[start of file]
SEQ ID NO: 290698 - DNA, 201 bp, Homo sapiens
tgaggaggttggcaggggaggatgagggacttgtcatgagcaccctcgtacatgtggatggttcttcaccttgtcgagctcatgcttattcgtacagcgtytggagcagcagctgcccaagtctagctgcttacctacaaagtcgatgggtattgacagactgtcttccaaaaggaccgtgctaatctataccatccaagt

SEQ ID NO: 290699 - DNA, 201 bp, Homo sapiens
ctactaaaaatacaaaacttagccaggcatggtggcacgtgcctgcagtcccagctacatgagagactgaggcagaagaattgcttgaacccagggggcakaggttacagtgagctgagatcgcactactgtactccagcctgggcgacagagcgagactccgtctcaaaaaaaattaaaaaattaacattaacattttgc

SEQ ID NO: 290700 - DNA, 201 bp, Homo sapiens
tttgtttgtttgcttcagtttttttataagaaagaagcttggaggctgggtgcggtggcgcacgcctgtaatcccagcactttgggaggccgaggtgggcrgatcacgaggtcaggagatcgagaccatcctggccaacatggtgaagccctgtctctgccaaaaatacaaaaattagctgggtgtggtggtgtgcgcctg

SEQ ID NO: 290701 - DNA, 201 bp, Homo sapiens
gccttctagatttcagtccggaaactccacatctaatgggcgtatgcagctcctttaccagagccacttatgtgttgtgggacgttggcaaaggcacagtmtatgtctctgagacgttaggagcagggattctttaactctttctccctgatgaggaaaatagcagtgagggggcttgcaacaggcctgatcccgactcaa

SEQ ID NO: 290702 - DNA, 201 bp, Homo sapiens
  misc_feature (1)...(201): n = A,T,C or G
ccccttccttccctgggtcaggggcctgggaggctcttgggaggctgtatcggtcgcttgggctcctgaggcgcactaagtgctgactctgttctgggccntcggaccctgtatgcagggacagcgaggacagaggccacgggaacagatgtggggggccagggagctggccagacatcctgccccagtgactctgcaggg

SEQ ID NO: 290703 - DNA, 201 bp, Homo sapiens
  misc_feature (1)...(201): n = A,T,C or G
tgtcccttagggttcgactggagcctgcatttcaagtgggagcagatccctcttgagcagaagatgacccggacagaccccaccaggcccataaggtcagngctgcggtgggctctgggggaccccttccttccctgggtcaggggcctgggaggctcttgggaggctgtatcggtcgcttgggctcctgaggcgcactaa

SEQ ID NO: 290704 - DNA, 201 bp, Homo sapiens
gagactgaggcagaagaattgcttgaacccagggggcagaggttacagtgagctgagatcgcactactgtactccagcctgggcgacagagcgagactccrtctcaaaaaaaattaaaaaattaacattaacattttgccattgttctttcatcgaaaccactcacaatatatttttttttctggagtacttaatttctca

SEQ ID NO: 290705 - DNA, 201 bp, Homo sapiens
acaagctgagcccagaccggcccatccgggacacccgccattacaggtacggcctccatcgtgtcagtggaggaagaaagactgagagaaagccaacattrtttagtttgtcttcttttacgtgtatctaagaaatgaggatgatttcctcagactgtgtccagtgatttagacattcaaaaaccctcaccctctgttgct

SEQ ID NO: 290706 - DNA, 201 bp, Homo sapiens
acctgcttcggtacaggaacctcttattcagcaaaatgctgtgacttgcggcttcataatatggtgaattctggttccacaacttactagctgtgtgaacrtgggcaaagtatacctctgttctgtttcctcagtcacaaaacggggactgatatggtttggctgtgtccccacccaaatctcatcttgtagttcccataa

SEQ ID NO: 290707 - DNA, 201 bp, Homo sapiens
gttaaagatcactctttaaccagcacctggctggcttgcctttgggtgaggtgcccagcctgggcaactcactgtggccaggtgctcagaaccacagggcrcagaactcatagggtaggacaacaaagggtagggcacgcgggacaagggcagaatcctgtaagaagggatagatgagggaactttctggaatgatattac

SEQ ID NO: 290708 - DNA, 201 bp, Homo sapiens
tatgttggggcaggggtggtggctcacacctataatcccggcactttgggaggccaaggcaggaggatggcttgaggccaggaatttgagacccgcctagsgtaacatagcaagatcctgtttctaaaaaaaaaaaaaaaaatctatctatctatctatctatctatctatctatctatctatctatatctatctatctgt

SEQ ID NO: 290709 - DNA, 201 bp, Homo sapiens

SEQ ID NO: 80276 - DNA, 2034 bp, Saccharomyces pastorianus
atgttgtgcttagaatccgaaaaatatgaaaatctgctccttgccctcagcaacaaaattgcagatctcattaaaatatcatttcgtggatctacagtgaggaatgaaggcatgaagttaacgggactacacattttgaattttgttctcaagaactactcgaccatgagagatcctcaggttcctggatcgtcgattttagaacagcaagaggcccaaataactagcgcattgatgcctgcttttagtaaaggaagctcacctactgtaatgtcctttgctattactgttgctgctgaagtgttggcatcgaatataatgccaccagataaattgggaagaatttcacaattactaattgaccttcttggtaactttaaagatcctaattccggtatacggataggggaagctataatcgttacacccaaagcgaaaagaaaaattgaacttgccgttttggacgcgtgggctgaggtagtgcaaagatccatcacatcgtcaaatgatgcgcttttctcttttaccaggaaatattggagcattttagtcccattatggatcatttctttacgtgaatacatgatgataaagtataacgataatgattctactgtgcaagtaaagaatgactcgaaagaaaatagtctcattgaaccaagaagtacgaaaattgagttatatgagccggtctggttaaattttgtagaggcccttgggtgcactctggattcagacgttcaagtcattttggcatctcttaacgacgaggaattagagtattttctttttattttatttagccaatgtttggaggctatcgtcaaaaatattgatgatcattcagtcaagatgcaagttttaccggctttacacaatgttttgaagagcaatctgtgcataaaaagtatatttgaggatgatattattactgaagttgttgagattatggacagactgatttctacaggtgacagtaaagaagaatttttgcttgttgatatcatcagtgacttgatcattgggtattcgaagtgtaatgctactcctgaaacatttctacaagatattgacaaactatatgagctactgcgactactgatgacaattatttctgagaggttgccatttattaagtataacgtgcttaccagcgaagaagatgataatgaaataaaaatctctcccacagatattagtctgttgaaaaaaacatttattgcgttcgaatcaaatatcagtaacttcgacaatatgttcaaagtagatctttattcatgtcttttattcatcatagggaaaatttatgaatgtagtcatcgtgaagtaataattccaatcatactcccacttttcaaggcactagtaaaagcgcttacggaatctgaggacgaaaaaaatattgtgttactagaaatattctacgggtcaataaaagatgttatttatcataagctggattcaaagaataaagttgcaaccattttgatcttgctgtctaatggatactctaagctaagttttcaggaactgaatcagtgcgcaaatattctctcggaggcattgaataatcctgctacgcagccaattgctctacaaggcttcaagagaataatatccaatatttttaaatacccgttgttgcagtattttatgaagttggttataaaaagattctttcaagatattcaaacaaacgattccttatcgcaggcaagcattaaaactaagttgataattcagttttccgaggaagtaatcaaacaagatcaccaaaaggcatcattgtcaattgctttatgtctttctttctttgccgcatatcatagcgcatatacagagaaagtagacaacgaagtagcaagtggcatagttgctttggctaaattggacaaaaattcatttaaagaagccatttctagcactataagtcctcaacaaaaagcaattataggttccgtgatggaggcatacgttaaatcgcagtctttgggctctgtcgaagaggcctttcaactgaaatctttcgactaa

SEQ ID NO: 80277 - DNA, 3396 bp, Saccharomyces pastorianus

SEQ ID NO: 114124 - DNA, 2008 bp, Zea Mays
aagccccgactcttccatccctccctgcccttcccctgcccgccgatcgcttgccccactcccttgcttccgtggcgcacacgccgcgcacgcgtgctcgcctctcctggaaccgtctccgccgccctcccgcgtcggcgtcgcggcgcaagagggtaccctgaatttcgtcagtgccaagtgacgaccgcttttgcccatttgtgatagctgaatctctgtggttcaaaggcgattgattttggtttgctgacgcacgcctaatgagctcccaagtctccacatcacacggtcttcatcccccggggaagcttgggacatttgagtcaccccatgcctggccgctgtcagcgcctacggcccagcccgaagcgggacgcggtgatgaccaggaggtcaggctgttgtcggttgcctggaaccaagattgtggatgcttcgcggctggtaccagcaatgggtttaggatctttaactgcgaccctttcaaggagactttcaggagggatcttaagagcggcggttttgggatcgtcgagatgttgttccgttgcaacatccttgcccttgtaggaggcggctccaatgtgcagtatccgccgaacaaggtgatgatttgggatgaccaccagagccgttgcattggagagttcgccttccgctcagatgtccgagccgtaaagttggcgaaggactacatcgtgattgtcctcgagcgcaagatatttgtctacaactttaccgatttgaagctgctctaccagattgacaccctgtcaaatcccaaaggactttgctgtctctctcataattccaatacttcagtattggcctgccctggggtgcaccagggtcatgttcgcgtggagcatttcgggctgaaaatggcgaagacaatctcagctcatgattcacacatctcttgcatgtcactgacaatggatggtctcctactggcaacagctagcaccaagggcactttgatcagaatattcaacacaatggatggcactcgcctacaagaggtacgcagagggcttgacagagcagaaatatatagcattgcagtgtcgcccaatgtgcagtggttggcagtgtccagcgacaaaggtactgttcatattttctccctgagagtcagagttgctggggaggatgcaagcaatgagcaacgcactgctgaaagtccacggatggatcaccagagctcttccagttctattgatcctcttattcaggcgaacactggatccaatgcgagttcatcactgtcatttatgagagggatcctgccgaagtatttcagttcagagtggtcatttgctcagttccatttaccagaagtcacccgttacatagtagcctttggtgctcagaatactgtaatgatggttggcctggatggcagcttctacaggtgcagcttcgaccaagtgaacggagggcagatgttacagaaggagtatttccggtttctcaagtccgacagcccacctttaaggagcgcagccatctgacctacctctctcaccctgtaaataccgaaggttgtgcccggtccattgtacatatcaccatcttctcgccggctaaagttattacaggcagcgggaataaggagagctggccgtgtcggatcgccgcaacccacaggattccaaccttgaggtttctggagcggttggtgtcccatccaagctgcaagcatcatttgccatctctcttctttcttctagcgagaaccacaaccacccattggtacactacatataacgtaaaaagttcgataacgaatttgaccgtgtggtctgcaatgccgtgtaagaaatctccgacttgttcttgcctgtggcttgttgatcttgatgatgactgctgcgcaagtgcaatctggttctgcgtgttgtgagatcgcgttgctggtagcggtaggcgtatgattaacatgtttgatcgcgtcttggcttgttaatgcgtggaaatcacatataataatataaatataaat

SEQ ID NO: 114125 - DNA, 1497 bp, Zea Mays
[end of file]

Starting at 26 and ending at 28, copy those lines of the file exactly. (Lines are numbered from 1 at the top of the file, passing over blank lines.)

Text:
SEQ ID NO: 80276 - DNA, 2034 bp, Saccharomyces pastorianus
atgttgtgcttagaatccgaaaaatatgaaaatctgctccttgccctcagcaacaaaattgcagatctcattaaaatatcatttcgtggatctacagtgaggaatgaaggcatgaagttaacgggactacacattttgaattttgttctcaagaactactcgaccatgagagatcctcaggttcctggatcgtcgattttagaacagcaagaggcccaaataactagcgcattgatgcctgcttttagtaaaggaagctcacctactgtaatgtcctttgctattactgttgctgctgaagtgttggcatcgaatataatgccaccagataaattgggaagaatttcacaattactaattgaccttcttggtaactttaaagatcctaattccggtatacggataggggaagctataatcgttacacccaaagcgaaaagaaaaattgaacttgccgttttggacgcgtgggctgaggtagtgcaaagatccatcacatcgtcaaatgatgcgcttttctcttttaccaggaaatattggagcattttagtcccattatggatcatttctttacgtgaatacatgatgataaagtataacgataatgattctactgtgcaagtaaagaatgactcgaaagaaaatagtctcattgaaccaagaagtacgaaaattgagttatatgagccggtctggttaaattttgtagaggcccttgggtgcactctggattcagacgttcaagtcattttggcatctcttaacgacgaggaattagagtattttctttttattttatttagccaatgtttggaggctatcgtcaaaaatattgatgatcattcagtcaagatgcaagttttaccggctttacacaatgttttgaagagcaatctgtgcataaaaagtatatttgaggatgatattattactgaagttgttgagattatggacagactgatttctacaggtgacagtaaagaagaatttttgcttgttgatatcatcagtgacttgatcattgggtattcgaagtgtaatgctactcctgaaacatttctacaagatattgacaaactatatgagctactgcgactactgatgacaattatttctgagaggttgccatttattaagtataacgtgcttaccagcgaagaagatgataatgaaataaaaatctctcccacagatattagtctgttgaaaaaaacatttattgcgttcgaatcaaatatcagtaacttcgacaatatgttcaaagtagatctttattcatgtcttttattcatcatagggaaaatttatgaatgtagtcatcgtgaagtaataattccaatcatactcccacttttcaaggcactagtaaaagcgcttacggaatctgaggacgaaaaaaatattgtgttactagaaatattctacgggtcaataaaagatgttatttatcataagctggattcaaagaataaagttgcaaccattttgatcttgctgtctaatggatactctaagctaagttttcaggaactgaatcagtgcgcaaatattctctcggaggcattgaataatcctgctacgcagccaattgctctacaaggcttcaagagaataatatccaatatttttaaatacccgttgttgcagtattttatgaagttggttataaaaagattctttcaagatattcaaacaaacgattccttatcgcaggcaagcattaaaactaagttgataattcagttttccgaggaagtaatcaaacaagatcaccaaaaggcatcattgtcaattgctttatgtctttctttctttgccgcatatcatagcgcatatacagagaaagtagacaacgaagtagcaagtggcatagttgctttggctaaattggacaaaaattcatttaaagaagccatttctagcactataagtcctcaacaaaaagcaattataggttccgtgatggaggcatacgttaaatcgcagtctttgggctctgtcgaagaggcctttcaactgaaatctttcgactaa

SEQ ID NO: 80277 - DNA, 3396 bp, Saccharomyces pastorianus